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Warning::::externally-polarized condenser mics Condenser Microphones
Old 29th December 2010
  #1
Here for the gear
 

Warning::::externally-polarized condenser mics

According to Jay Rose:

"Externally-polarized condenser mics used for professional productions, often costing in the $1000 Range, usually have internal transformers with 500 ohm outputs. An exact match isn't necessary, because the output power isn't generated by air molecules, but anything over 2 k ohm might cause problems"

"AGAIN, almost any XLR mic-level input qualifies"

Which i assume would include: Sennhieser 416's, Schoepes Collete, and Schoepes CMIT 5u , and Nuemann's


Care to comment?
Old 29th December 2010
  #2
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I came across this problem before I started using a high-quality microphone, I rented, with my low-quality field recorder. I didn't want to damage the microphone somehow, but not matching the output power correctly.

Would that actually be the consequence?- "damaging the microphone"??? Jay rose was incredibly vague on describing the consequence of an inadequately matched, but completely "balanced" 48p microphone system...
Old 29th December 2010
  #3
Here for the gear
 

I came across this problem before I started using a high-quality microphone, I rented, with my low-quality field recorder. I didn't want to damage the microphone somehow, by*** not matching the output power correctly.

Would that actually be the consequence?- "damaging the microphone"??? Jay rose was incredibly vague on describing the consequence of an inadequately matched, but completely "balanced" 48p microphone system...
Old 29th December 2010
  #4
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mark.frost's Avatar
 

from:

Phantom Power Explained

"The typical value of the two resistors is 6.81k-ohm. More than just the audio and the source impedance (of pin-2 and pin-3) must be balanced. The "phantom" resistors must also match to a tolerance of at least 1% — .1% tolerance would be even better.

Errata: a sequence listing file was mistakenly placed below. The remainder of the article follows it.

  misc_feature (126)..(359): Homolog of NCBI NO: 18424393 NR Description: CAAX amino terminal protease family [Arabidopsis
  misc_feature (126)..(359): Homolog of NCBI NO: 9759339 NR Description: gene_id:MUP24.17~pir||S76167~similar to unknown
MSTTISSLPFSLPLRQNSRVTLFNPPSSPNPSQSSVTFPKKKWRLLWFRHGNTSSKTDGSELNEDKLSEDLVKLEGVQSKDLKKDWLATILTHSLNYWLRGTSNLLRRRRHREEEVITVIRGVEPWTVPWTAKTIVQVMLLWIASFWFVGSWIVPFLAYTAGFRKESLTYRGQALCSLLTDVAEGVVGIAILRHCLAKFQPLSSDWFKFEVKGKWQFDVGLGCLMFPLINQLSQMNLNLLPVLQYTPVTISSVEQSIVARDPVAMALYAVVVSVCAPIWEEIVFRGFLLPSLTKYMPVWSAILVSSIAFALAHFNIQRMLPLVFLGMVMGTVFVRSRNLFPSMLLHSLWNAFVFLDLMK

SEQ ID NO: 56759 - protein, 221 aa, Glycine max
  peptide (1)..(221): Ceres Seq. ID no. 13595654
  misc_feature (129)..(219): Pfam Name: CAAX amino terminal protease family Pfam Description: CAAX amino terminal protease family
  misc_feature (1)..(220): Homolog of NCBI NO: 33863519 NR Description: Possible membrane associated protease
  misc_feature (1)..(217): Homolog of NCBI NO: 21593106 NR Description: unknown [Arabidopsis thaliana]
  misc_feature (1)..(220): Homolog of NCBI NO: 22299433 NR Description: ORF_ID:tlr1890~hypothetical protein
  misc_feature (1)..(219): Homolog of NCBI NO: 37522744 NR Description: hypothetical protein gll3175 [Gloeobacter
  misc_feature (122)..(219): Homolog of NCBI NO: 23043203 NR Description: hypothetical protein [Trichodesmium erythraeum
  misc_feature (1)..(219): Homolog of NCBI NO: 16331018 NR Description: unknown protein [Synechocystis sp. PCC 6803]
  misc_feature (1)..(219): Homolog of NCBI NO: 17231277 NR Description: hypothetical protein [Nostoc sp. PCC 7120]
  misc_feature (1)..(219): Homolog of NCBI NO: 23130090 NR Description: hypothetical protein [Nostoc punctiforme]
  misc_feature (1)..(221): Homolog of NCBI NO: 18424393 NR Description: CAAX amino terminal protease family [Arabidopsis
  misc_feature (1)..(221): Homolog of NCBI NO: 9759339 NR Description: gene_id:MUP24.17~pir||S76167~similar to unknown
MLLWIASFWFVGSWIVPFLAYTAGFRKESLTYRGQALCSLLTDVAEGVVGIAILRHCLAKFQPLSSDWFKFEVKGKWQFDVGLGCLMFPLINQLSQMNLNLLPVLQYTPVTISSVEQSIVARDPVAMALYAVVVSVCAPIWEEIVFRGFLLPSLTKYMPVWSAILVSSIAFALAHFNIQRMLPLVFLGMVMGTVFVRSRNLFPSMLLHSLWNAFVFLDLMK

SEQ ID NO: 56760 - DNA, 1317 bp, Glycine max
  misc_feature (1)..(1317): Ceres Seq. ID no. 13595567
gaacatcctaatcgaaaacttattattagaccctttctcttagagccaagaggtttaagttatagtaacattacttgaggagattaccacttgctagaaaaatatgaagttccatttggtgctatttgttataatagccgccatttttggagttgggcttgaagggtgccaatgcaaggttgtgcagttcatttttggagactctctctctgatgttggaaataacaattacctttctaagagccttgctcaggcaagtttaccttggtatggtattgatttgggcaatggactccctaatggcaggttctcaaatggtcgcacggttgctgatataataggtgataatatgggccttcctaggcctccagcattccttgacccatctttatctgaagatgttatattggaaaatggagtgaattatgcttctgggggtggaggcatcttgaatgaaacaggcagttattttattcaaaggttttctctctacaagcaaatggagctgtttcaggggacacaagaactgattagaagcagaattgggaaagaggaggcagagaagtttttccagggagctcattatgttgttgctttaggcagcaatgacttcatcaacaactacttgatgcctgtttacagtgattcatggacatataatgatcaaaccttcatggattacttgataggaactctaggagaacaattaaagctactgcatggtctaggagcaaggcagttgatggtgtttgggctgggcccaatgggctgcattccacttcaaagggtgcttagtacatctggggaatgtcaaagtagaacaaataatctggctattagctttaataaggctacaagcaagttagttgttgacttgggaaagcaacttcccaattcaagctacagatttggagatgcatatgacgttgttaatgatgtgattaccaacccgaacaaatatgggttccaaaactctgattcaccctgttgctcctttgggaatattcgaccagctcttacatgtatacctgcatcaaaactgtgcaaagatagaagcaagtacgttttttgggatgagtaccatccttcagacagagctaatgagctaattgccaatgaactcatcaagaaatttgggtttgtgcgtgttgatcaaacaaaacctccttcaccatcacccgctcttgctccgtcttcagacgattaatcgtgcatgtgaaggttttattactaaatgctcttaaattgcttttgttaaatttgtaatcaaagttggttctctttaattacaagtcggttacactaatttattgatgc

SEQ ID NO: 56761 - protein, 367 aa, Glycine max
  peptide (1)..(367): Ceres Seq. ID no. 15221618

The resistor color code is interpreted as follows. The first three stripes from left to right are the significant figures. For example: 1st stripe (blue = 6), 2nd stripe (gray = 8), 3rd stripe (brown = 1). The 4th stripe is the decimal multiplier, in this case brown = one "zero" instead of the number "one." The fifth stripe is the tolerance: brown = 1%. So, from that you can conclude that the value is 6.81kW . Low-noise metal-film resistors were used in Figure One along with a "local" capacitor to filter any noise."
Good luck!
Old 29th December 2010
  #5
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mark.frost's Avatar
 

a way you could prevent damaging the microphone, is by using a
Schoepes MDZ10/MDZ 20, it'd run you $100 though:


The MDZ can also prevent the input impedance of a preamp from loading down a microphone; with it in place, the minimum load impedance for a CMC-series amplifier is reduced from 600 to 200 Ohms. It can also be useful when driving transformer-equipped inputs designed for 200 Ohm sources, which may develop high frequency response errors when driven by much lower impedances, particularly if the input transformer has a high turns ratio.
Old 29th December 2010
  #6
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honestly, I don't think damaging the mic is gonna be the issue here.

Also------------> I don't want to spend $100 on a microphone I'M JUST RENTING... Even if it is a CMIT5!!!

They never told me anything about this @ Location Sound in Los Angeles- the place i rented the mic from.Although some people say they're very knowledgeable.

They just said "Just plug and play, you're Fostex FR 2 Le should be fine".
Old 29th December 2010
  #7
Gear Guru
 
John Willett's Avatar
 

Warning::::externally-polarized condenser mics

The Sennheiser MKH range are not like what the OP quoted at all. They are RF condensers, the circuit is inherently balanced from the start and does not need any transformer or electronic balancing circuit at all as it's already balanced.

The MKH 416 is ten Ohms, if my memory serves me well, and is great for driving very long lines (and the MKH 60 can easily be converted to ten Ohms if it's needed for outdoor sports use on long cables).

Normally the recorder impedance is 5 to 10 times the mic. impedance, this is normal. I don't know of any modern condenser mic. that would be damaged by a normal mic. input with phantom power (valve mics excluded, of course, as they need a separate PSU).



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